Will the AIUDF bowing out of the race in all but 3 seats spell the end for the BJP in Assam?
The AIUDF’s move coupled with the lingering anger over the Citizenship Amendment Bill is hurting the saffron party’s chances in the largest state in the Northeast.
The AIUDF has announced that it will contest only three Lok Sabha seats out of 14 in Assam: Dhubri, Karimganj, and Barpeta. These constituencies were all won by the AIUDF in 2014.
The party’s chief, Maulana Badruddin Ajmal, who is the sitting parliamentarian from Dhubri will seek re-election. The party’s sitting MP from Karimganj, Radheshyam Biswas, will also seek re-election. For Barpeta, AIUDF has dropped sitting MP Sirajudin Ajmal and given the ticket to Hafiz Rafiqul Islam.
The AIUDF is currently the second largest opposition party in Assam after the Congress. Before this, it was the main opposition during the Congress-led Tarun Gogoi government. Hence, the decision to field only three candidates came as a surprise, especially since the party had earlier announced it would contest from eight seats.
According to Ajmal, this decision was taken to ensure that the “secular” votes are not split amongst different parties. The idea is to rally all anti-BJP votes in one direction.
This strategy has some merit, as in many cases, wherever there has been a three-cornered fight, it is the non-BJP parties who stand to lose.
Take, for instance, the Rajasthan Assembly elections last year, which was pitted to be a straight fight between the Congress and the BJP. Congress rebel candidates split the vote in constituencies like Dudu and Khandela. In fact, in Khandela, the Congress did not manage even second place and came a far third to the BJP and independent rebel candidate, Mahadeo Singh.
The BJP, whose position in the state of Assam has been precarious ever since the party tried to push the controversial Citizenship Amendment Bill (CAB), seemed visibly rattled. The Asom Gana Parishad (AGP), which has been in alliance with the BJP in the state, has opposed the bill. The AGP even briefly split from the alliance over the issue.
However, the alliance is still on for the Lok Sabha election. This decision has sown seeds of discord within the AGP with senior leaders like Prafulla Mahanta openly expressing anguish and disillusionment. He stated, “We were opposed to this alliance as AGP, being a regional party, should have contested the Lok Sabha polls with the aim to strengthen the party at the grassroots for 2021 assembly polls.”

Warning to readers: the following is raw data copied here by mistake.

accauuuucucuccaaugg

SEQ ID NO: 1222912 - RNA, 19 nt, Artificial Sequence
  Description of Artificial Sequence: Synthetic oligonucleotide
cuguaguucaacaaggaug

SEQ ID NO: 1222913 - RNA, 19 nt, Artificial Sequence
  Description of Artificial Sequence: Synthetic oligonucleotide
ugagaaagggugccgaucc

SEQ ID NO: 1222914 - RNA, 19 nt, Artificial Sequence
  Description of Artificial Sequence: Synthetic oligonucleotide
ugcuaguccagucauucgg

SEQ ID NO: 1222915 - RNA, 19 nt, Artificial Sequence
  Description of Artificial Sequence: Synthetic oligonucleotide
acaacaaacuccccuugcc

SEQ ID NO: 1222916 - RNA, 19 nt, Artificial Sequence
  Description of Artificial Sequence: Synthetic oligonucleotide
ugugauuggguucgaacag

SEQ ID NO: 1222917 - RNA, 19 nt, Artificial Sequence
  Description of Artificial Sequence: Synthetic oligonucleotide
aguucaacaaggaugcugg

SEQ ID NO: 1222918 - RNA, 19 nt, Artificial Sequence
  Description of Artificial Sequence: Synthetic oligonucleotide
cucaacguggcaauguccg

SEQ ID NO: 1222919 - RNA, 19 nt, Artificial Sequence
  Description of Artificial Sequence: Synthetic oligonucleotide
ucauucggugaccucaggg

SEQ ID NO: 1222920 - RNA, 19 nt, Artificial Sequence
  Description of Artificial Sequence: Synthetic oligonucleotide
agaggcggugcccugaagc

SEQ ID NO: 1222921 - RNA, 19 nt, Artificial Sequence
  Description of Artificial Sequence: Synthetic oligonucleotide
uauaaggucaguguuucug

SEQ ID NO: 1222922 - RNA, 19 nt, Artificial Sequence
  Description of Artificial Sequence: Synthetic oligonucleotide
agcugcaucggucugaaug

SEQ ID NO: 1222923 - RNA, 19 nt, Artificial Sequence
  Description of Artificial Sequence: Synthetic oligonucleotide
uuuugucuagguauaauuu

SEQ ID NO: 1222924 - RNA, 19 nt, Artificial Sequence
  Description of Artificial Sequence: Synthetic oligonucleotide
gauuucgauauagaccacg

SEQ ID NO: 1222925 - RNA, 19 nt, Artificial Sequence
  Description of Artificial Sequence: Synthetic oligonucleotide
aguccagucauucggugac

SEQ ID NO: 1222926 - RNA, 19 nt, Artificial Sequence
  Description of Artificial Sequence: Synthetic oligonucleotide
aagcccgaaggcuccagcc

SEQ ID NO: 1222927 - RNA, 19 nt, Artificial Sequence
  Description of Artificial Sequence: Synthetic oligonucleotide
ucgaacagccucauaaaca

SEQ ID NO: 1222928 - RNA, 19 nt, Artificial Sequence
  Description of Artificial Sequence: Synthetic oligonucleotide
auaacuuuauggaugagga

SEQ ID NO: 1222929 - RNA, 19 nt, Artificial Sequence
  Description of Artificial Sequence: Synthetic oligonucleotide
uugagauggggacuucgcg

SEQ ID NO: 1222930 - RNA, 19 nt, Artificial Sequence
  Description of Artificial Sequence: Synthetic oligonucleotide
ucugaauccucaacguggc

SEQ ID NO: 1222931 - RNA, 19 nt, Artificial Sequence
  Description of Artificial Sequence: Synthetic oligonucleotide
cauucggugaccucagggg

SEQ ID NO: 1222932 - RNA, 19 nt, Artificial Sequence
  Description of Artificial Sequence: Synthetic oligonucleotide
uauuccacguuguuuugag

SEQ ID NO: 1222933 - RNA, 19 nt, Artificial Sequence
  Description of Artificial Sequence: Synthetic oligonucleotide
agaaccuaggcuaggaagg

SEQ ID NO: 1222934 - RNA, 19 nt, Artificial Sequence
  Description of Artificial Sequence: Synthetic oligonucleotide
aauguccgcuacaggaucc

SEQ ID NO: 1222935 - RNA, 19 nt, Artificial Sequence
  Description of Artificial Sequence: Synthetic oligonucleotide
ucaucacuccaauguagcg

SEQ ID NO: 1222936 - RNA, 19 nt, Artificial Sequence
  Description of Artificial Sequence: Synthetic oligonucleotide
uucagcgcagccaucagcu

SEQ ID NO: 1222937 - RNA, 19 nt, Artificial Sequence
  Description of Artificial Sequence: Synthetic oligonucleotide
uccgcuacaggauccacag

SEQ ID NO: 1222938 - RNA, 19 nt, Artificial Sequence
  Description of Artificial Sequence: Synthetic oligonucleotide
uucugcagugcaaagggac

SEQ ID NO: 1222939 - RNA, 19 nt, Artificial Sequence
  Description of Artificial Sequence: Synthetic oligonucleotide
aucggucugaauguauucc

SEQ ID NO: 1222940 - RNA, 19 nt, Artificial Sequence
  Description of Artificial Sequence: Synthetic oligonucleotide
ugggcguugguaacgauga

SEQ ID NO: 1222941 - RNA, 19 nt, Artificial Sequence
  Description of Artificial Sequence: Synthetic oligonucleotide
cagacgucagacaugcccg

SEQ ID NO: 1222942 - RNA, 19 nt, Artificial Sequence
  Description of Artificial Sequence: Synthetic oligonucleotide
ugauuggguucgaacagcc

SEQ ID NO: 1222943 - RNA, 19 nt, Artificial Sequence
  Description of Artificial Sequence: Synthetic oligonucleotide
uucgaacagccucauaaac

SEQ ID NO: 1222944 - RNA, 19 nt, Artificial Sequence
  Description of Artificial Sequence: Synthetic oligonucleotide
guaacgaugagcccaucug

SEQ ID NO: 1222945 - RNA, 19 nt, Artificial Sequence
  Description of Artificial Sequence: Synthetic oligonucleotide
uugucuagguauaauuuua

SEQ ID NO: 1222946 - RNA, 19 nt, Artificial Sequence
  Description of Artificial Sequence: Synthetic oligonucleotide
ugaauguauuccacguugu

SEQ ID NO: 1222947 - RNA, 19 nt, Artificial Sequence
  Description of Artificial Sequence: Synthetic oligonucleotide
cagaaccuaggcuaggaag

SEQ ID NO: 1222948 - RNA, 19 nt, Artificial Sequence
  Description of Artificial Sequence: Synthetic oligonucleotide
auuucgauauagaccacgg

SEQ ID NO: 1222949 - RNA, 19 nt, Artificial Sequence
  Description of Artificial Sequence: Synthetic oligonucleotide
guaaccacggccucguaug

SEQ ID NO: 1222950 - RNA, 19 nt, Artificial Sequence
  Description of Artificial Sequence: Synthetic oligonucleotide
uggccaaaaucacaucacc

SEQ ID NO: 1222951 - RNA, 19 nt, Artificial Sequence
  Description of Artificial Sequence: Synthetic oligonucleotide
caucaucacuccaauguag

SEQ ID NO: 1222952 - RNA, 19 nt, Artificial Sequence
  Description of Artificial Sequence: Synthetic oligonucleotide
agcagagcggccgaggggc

Ram Madhav, BJP general secretary and party in-charge for Northeast India, has alleged that there is an unholy nexus between the Congress and AIUDF. However, AIUDF general secretary, Aminul Islam, has rubbished such claims. “We have not approached Congress nor we have discussed anything with Congress. BJP attempted to bring Citizenship Amendment bill, it has failed to arrest unemployment besides making U-turn on land swap deal with Bangladesh. AIUDF being a secular party, it is duty bound to stop BJP,” he said.
The BJP has put up a confident front in the Northeast. Convener of BJP-floated platform of non-Congress parties, North East Democratic Alliance (NEDA), Himanta Biswa Sarma, has estimated that NEDA will win around 19 to 21 seats (out of 25) in the 2019 Lok Sabha polls in Northeast India.
On the ground, the situation does not seem so rosy. Two rallies on March 26, in Karimganj (where the AIUDF will contest) and Guwahati, had rows of empty chairs due to a low crowd turnout. In Karimganj, the party failed to attract voters to a rally attended by party prabhari Mahendra Singh, Assam minister Parimal Suklabadya, and Kabindra Purkayastha.
The grass-root workers of both the BJP and AGP are also upset with the decision to keep the parties in alliance for the Lok Sabha election. The rift between the party workers was made apparent on March 26 when a large number of AGP workers boycotted a joint party meeting in Kaliabor.
Sources revealed that several AGP members in Kaliabor have decided to choose NOTA rather than concede a vote to the AGP-BJP alliance. This leaves the field open for the Congress whose candidate (who is also sitting MP) for Kaliabor is former CM, Tarun Gogoi’s, son Gaurav Gogoi.
Will the BJP manage to override the after-effects of the Citizenship Amendment Bill and its rift with the AGP? As of now, the political winds seem to be blowing in the wrong direction for the saffron party.
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